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## State-space models

Stata’s sspace makes it easy to fit a wide variety of multivariate time-series models by casting them as linear state-space models, including vector autoregressive moving-average (VARMA) models, structural time-series (STS) models, and dynamic-factor models.

State-space models parameterize the observed dependent variables as functions of unobserved state variables. Stata’s state-space model command, sspace, allows both the observed dependent variables and the unobserved state variables to be functions of exogenous covariates.

Stata’s state-space model command sspace uses two forms of the Kalman filter to recursively obtain conditional means and variances of both the unobserved states and the measured dependent variables that are used to compute the likelihood function. sspace allows you to specify your state-space model in either the covariance form or the error form. sspace works with state-space models that are nonstationary and models that are stationary. Options allow you to specify the structures of the error covariance matrices for the state and observation equations, and other options allow you to specify how the initial values for the Kalman filter are obtained.

We have data on the natural log of the capacity utilization rate for the manufacturing sector of the U.S. economy, lncaputil, and on the log of manufacturing hours, lnhours. We treat these variables as first-difference stationary, and we model D.lncaputil and D.lnhours as a restricted first-order vector autoregressive (VAR(1)) process.

. webuse manufac
(St. Louis Fed (FRED) manufacturing data)

. constraint 1 [D.lncaputil]u1 = 1
. constraint 2 [D.lnhours]u2 = 1

. sspace (u1 l.u1, noconstant state) (u2 L.u1 L.u2, noconstant state)
>        (D.lncaputil u1, noconstant noerror) (D.lnhours u2, noconstant noerror),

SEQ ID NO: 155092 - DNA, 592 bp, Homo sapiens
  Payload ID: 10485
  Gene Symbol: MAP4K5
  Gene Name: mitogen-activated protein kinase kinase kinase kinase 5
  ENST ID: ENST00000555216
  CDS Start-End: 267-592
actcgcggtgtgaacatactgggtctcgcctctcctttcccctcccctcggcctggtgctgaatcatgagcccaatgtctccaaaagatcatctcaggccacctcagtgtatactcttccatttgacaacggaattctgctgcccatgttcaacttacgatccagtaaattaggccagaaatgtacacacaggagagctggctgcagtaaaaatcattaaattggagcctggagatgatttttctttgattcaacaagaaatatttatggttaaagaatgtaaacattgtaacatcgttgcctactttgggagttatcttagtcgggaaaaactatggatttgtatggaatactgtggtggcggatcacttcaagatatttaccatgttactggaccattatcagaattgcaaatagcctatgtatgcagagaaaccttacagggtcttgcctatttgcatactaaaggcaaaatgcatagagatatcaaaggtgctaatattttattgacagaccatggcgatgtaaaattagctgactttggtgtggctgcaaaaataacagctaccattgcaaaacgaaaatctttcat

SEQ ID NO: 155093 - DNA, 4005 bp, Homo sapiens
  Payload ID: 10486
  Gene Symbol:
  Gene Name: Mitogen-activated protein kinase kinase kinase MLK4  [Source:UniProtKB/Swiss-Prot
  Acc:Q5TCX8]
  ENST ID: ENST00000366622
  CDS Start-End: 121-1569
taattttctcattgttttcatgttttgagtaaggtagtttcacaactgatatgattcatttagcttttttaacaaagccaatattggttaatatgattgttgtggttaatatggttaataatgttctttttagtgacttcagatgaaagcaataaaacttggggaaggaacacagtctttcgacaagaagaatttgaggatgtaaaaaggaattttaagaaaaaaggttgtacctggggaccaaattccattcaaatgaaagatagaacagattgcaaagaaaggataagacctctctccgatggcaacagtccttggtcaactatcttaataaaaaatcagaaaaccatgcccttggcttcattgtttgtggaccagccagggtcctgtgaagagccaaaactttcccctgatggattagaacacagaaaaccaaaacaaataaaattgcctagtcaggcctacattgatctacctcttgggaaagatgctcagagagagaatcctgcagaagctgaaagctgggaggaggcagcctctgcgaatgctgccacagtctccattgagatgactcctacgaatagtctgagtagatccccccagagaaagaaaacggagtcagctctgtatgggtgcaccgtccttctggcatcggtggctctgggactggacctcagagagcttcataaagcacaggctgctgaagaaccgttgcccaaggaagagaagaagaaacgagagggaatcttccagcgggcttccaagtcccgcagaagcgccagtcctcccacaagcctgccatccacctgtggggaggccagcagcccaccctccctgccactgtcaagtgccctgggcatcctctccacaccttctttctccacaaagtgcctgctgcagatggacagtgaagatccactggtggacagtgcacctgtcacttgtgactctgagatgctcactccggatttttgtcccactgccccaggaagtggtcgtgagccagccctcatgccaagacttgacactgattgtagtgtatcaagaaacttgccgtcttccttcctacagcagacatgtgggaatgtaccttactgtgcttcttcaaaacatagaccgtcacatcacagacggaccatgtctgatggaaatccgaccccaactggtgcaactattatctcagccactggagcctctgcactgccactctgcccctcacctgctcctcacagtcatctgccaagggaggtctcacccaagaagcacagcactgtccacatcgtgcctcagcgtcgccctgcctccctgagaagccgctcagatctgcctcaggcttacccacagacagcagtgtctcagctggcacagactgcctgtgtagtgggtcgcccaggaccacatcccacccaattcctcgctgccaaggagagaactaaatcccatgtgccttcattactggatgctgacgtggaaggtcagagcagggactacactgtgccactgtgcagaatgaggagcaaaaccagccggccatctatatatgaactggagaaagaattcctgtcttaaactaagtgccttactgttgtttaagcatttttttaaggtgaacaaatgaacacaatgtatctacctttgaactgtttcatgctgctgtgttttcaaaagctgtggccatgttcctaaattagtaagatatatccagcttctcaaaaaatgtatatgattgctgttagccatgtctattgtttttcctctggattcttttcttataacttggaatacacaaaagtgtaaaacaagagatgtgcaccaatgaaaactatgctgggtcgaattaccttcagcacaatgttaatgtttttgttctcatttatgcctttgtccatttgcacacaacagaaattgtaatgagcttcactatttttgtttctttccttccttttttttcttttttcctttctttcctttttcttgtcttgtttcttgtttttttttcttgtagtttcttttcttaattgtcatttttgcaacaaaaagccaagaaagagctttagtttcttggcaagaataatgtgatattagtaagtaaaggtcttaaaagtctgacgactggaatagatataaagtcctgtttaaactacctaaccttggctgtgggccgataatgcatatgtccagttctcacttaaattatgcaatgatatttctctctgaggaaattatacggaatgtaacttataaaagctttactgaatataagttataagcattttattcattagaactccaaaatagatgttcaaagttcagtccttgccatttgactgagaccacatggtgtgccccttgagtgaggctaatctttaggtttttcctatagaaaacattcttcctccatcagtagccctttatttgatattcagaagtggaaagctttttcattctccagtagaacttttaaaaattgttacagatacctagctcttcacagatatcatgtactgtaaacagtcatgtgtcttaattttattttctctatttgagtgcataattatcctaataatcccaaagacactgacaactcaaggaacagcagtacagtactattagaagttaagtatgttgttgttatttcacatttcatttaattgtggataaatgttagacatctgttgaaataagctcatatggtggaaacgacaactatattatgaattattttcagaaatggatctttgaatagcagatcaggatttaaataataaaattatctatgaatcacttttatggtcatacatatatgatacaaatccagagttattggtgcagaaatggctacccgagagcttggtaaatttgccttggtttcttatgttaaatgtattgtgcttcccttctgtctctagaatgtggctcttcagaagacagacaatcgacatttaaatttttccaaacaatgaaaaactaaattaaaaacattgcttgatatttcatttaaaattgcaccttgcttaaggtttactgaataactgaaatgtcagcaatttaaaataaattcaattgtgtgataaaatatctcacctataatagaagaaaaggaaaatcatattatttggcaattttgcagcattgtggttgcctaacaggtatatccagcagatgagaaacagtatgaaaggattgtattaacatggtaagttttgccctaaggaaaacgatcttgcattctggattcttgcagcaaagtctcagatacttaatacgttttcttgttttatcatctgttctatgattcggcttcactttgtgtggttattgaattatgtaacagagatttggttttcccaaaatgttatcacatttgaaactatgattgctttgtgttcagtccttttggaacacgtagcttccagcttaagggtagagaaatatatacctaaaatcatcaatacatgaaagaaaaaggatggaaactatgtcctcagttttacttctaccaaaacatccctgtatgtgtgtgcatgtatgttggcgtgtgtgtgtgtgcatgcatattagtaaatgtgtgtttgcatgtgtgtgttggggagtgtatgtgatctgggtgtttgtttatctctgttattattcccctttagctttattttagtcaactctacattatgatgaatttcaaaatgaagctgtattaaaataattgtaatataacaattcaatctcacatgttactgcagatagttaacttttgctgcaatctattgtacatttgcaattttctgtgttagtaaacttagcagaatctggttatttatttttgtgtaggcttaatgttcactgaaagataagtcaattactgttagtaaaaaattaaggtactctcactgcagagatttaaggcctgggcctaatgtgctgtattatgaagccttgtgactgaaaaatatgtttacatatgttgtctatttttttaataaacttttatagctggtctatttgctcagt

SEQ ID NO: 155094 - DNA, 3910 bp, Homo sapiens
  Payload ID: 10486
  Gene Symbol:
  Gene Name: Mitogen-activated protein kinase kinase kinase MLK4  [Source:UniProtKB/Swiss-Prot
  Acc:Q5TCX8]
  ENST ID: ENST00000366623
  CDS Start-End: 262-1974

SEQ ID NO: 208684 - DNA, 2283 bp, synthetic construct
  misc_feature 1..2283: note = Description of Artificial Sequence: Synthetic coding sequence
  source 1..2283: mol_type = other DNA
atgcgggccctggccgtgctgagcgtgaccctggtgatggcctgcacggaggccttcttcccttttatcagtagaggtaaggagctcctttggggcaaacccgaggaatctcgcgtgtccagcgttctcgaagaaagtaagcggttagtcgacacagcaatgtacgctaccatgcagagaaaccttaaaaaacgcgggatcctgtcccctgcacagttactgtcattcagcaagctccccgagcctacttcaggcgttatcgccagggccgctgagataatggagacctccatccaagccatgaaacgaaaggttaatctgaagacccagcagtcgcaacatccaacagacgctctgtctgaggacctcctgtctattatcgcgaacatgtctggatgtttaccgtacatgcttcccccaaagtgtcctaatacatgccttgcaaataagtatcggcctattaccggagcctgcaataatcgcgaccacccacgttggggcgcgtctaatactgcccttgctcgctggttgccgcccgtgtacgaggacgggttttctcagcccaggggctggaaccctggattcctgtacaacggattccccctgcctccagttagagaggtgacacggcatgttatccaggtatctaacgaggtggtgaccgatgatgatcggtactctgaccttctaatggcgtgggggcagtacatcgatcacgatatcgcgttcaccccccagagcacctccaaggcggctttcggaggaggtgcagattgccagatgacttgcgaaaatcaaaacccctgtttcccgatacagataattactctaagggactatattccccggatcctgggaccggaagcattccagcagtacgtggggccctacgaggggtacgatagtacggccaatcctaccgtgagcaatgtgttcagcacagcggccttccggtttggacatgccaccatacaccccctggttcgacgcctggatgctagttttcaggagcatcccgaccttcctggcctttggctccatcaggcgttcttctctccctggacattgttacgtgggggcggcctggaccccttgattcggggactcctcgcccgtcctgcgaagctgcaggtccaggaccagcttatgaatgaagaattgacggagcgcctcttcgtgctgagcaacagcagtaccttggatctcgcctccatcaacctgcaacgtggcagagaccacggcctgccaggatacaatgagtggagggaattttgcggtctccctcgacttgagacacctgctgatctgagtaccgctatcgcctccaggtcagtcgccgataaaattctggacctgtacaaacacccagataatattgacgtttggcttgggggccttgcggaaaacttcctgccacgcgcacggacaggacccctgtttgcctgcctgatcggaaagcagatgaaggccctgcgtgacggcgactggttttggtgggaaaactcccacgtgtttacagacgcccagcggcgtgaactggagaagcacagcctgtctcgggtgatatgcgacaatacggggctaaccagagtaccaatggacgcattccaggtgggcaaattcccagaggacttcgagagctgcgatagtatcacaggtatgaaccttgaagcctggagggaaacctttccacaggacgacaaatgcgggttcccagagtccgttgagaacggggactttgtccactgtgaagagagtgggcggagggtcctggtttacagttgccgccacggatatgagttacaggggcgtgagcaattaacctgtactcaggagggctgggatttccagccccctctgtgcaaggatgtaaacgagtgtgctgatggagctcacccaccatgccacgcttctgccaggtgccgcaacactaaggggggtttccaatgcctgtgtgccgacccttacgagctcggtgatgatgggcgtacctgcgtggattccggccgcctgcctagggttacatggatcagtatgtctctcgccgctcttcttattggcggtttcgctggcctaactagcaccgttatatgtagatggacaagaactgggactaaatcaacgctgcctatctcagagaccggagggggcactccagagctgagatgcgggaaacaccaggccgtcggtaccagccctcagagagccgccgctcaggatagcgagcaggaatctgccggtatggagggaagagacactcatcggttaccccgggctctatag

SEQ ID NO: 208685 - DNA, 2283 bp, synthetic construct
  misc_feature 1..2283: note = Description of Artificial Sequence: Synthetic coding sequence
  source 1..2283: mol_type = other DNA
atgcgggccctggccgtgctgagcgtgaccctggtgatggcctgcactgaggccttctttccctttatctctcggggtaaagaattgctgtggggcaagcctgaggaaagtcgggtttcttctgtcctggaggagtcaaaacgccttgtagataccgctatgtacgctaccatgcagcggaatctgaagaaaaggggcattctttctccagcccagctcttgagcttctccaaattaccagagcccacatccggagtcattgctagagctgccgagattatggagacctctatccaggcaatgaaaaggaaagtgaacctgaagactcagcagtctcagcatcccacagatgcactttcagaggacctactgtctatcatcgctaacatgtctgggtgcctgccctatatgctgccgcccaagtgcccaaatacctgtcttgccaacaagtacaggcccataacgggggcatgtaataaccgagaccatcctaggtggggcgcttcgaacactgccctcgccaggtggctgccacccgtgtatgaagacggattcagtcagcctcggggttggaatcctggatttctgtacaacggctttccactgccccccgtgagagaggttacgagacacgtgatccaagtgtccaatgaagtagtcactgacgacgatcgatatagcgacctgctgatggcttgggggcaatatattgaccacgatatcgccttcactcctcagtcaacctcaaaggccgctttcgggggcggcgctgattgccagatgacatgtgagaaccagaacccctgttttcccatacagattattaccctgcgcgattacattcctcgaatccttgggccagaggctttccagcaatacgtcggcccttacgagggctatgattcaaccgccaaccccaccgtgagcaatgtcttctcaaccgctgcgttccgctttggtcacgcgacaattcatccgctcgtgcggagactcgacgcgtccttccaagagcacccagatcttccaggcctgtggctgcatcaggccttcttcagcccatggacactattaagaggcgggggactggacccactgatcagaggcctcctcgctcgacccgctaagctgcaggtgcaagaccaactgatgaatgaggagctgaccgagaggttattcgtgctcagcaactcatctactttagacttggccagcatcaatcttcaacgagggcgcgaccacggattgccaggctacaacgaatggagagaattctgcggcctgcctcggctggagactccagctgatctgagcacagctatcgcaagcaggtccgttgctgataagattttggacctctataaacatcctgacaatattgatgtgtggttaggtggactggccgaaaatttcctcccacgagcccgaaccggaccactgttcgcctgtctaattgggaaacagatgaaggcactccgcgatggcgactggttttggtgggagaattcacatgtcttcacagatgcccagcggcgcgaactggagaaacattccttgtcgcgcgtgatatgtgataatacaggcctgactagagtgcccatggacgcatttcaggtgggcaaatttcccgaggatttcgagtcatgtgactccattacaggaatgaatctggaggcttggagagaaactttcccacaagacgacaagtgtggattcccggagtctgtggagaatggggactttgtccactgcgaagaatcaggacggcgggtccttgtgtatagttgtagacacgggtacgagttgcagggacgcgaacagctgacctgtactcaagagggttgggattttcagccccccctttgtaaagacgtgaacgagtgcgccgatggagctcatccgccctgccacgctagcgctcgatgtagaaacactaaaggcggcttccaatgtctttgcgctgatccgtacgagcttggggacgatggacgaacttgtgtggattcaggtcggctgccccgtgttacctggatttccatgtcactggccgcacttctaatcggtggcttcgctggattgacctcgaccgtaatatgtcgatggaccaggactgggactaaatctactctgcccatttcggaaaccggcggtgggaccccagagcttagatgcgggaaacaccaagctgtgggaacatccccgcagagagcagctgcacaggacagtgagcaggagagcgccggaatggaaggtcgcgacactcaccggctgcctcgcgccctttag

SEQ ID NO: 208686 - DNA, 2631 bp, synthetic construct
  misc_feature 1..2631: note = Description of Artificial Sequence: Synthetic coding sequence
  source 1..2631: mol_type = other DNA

>        constraints(1 2) covstate(unstructured) nolog

State-space model

Sample: 1972m2 - 2008m12                          Number of obs   =        443
Wald chi2(4)    =     166.87
Log likelihood =  3211.7532                       Prob > chi2     =     0.0000
( 1)  [D.lncaputil]u1 = 1
( 2)  [D.lnhours]u2 = 1

OIM

Coef.   Std. Err.      z    P>|z|     [95% Conf. Interval]

u1

u1

L1.      .353257   .0448456     7.88   0.000     .2653612    .4411528

u2

u1

L1.     .1286218   .0394742     3.26   0.001     .0512537    .2059899

u2

L1.    -.3707083   .0434255    -8.54   0.000    -.4558208   -.2855959

D.lncaputil

u1            1  (constrained)

D.lnhours

u2            1  (constrained)

var(u1)    .0000623   4.19e-06    14.88   0.000     .0000541    .0000705

cov(u1,u2)     .000026   2.67e-06     9.75   0.000     .0000208    .0000312

var(u2)    .0000386   2.61e-06    14.76   0.000     .0000335    .0000437

Note: Tests of variances against zero are one sided, and the two-sided
confidence intervals are truncated at zero.



We can obtain one-step predictions of the two unobserved states from the state-space model by typing

. predict u1 u2, states


We can graph those predicted states by typing

. tsline u1 u2

We can obtain one-step predictions of our two dependent variables by typing

. predict caputilhat hourshat


A graph comparing the one-step predictions of the difference in the log of capacity utilization with its predictions is created by typing

. tsline D.lncaputil caputilhat


Explore more about time series in Stata.